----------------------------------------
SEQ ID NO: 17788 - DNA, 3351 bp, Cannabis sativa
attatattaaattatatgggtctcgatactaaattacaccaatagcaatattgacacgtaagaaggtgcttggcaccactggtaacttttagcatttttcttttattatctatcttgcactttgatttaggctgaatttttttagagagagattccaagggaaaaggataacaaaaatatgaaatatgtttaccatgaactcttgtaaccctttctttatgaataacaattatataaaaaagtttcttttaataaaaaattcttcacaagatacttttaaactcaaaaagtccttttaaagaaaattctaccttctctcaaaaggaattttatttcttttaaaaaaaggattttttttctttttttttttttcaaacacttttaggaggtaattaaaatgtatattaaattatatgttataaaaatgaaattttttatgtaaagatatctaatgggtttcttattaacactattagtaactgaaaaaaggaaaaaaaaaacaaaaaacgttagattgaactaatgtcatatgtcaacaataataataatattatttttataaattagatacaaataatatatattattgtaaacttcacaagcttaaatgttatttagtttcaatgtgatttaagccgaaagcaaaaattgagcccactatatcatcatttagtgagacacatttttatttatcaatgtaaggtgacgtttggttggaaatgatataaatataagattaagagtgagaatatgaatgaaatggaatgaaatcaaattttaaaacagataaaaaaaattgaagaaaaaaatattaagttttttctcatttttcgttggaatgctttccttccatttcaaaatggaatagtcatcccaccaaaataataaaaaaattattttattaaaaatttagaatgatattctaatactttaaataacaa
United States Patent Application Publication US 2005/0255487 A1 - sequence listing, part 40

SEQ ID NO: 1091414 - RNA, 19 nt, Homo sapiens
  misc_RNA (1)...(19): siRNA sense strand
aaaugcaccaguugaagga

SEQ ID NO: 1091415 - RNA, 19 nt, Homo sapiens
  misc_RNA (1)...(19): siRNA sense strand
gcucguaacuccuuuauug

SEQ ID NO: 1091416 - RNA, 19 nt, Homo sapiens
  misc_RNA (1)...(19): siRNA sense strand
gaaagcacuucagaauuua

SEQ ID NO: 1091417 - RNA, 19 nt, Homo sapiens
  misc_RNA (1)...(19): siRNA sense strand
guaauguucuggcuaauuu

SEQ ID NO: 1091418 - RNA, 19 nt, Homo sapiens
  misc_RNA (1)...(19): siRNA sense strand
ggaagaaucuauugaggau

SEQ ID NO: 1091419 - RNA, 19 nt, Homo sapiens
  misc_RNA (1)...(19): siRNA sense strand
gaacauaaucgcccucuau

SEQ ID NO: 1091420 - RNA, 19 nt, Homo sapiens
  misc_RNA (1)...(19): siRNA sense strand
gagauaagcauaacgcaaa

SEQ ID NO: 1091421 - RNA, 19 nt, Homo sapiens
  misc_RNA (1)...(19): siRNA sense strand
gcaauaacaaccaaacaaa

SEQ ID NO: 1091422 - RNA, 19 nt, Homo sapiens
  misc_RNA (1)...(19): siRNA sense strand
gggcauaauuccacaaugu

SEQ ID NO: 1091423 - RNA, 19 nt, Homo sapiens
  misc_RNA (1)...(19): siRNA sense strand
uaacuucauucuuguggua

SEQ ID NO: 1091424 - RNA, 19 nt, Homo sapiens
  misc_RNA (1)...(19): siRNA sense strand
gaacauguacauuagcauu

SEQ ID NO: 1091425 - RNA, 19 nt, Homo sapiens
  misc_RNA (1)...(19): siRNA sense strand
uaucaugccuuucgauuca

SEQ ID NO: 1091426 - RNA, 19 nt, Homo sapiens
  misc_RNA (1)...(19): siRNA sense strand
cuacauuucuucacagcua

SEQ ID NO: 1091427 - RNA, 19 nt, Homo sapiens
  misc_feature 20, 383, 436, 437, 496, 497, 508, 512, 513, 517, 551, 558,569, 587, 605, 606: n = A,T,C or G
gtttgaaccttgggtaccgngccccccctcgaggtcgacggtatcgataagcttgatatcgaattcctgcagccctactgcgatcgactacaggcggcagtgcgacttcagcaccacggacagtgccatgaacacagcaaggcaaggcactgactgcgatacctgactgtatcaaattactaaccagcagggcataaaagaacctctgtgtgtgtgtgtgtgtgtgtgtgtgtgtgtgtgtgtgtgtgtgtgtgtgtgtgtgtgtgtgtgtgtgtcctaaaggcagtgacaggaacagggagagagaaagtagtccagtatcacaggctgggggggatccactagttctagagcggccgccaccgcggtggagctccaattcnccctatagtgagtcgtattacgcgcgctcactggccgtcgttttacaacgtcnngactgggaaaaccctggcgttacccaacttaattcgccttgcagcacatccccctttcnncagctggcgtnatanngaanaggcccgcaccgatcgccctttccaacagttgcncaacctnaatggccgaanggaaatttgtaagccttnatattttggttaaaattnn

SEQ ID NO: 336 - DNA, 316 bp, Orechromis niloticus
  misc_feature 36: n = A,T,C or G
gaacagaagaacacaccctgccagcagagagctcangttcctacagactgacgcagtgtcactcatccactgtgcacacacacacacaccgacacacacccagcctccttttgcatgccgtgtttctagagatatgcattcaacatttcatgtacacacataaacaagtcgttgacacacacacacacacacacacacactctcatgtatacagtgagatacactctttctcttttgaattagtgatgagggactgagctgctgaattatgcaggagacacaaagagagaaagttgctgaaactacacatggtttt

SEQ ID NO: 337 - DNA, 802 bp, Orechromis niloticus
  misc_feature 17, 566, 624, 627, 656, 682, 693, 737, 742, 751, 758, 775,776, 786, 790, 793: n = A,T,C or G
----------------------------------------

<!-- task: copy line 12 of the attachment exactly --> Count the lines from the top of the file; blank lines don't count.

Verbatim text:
gaaagcacuucagaauuua